ChayotePronounced [chah-YOH-teh], the chayote is another native Mexican plant and is a member of the squash family. It is also referred to as a "vegetable pear" or chcocho. In France the chayote is called a christophene. The flesh is quite crisp something like a water chestnut. The chayote is seen in two forms, smooth and prickly.
Article by: Barbara Bowman
History And Lore
Chayote (Sechium edule) was actually domesticated in Mexico and seen in South American until after the Spanish conquest. (Sophie Coe, America's First Cuisines). The starchy squash was a staple of the Aztecs. The name chayote is derived from the Nahuatl world chayotli.
The squash is actually a member of the gourd family but it unusual given it has a single seed and it is a perennial (it can come back every year from the same plant)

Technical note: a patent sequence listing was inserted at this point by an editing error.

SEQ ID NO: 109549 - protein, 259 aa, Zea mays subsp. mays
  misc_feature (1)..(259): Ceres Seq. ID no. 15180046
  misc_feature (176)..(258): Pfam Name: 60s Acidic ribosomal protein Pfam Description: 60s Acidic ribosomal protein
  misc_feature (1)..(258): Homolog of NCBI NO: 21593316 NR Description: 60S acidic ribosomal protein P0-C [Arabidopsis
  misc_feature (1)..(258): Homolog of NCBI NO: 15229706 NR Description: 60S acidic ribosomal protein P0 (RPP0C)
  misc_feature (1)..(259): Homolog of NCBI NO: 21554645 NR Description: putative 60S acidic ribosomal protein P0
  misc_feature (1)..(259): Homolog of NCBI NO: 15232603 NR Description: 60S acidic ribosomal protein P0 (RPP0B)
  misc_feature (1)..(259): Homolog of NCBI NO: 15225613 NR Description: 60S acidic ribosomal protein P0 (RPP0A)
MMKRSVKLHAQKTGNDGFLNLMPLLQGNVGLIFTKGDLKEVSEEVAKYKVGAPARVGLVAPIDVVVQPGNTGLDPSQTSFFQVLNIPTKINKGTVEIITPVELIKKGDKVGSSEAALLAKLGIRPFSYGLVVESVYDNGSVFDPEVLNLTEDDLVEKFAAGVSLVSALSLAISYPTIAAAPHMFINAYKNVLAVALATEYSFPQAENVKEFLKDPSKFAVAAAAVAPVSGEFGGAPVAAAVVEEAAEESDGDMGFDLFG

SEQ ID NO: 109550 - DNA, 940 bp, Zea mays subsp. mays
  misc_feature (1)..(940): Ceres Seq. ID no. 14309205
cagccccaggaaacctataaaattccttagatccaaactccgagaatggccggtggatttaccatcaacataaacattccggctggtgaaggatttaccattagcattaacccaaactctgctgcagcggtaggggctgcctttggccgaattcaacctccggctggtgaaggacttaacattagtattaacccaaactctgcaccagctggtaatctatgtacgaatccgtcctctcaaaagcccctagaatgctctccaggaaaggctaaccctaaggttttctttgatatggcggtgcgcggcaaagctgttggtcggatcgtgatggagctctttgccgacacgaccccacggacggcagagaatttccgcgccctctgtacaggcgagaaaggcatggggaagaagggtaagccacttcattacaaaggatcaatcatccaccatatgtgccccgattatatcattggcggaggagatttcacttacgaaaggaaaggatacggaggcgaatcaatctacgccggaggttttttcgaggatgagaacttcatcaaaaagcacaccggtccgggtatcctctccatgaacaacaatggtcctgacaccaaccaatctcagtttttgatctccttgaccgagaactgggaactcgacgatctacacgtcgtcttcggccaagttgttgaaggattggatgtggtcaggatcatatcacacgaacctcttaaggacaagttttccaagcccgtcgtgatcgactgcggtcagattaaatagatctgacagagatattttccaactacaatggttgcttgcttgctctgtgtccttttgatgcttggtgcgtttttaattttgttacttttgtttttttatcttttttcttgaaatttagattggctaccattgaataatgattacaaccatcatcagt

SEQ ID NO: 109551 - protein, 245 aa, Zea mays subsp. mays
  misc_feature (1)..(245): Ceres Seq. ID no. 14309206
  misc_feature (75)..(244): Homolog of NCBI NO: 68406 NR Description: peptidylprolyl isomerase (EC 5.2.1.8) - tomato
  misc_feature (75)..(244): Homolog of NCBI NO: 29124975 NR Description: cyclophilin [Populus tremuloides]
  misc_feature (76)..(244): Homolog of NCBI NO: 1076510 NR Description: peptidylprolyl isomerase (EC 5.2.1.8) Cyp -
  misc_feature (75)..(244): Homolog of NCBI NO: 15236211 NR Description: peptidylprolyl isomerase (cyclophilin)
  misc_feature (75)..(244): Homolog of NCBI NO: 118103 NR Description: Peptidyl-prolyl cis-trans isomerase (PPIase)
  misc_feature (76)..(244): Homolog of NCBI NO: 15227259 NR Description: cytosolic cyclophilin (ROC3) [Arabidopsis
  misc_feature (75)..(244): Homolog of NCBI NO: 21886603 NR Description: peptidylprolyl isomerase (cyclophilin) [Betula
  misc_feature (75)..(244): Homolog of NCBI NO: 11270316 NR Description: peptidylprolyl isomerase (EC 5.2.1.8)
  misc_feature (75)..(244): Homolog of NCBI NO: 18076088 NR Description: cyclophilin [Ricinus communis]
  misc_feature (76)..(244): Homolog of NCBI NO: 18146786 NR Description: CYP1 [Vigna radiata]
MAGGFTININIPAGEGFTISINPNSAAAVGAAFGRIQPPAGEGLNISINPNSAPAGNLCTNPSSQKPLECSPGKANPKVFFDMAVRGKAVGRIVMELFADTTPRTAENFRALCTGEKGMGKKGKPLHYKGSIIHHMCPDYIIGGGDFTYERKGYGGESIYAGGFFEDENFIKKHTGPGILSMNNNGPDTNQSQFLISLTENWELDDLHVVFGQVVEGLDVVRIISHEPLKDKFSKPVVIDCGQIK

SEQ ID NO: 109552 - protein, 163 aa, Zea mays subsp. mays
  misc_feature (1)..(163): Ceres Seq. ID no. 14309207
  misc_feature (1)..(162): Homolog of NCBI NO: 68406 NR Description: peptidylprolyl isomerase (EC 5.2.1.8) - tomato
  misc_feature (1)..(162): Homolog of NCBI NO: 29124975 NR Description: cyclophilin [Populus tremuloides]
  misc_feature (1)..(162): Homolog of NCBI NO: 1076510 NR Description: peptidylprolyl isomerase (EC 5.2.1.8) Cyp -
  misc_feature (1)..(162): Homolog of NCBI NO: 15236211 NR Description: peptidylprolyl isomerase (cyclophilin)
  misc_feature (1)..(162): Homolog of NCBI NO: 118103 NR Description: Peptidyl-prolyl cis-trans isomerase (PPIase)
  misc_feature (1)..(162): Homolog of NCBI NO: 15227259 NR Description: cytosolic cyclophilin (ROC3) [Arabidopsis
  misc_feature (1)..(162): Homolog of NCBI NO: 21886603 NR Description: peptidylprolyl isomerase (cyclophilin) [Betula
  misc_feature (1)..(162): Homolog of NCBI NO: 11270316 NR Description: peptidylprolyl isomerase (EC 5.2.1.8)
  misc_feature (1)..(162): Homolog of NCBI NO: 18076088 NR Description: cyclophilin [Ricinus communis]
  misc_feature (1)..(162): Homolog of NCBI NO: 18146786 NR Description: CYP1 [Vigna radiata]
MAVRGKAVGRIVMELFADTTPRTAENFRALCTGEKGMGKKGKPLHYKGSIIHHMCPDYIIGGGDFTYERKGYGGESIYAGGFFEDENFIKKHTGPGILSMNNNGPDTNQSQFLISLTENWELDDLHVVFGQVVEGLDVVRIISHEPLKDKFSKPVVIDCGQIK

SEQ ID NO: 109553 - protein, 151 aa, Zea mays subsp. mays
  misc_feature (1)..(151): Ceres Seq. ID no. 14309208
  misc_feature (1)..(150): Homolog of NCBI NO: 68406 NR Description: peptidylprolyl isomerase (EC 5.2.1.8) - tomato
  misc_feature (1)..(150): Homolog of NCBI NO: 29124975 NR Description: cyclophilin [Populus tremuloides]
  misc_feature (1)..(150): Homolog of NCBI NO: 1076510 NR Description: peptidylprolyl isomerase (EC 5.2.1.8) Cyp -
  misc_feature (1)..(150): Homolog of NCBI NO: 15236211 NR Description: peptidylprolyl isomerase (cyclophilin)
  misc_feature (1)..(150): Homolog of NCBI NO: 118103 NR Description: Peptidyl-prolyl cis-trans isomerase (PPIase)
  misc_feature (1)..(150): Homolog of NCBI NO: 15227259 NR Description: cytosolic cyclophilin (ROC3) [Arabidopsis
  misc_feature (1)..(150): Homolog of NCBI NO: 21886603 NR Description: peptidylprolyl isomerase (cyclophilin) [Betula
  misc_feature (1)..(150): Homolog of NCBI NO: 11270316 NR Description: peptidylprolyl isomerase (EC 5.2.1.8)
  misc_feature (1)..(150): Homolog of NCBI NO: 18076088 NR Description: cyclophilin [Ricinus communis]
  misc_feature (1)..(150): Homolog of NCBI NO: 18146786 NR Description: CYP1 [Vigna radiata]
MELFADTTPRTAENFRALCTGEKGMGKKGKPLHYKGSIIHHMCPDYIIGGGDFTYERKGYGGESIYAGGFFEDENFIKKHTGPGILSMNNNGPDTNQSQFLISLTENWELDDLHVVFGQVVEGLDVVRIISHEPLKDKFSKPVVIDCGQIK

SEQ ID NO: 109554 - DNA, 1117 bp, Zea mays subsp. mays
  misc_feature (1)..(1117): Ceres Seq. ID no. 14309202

The Mayans added chayote shoots (as a green) to beans and also ate the fruit and the starchy roots.
The chayote shown here is the prickly variety.
Chayote have become popular in the U.S. and are found in many large markets.
They are being cultivated in Florida, California, and Louisiana. They are very
common in Latino grocery stores. Select firm, smooth, unwrinkled chayote. Old
chayote become very wrinkled and become dry and tough. Chayote will keep
refrigerated for many days but it is best to use as quickly as possible.
Medicinal uses of the chayote included a tea made of the leaves is reported to
dissolve kidney stones as well as a treatment for arteriosclerosis and
The chayote can be eaten raw in salads, or
stuffed and baked. Other preparations include mashing, pickling, frying or
boiling. The plain squash tends to be bland and benefits from "aggressive"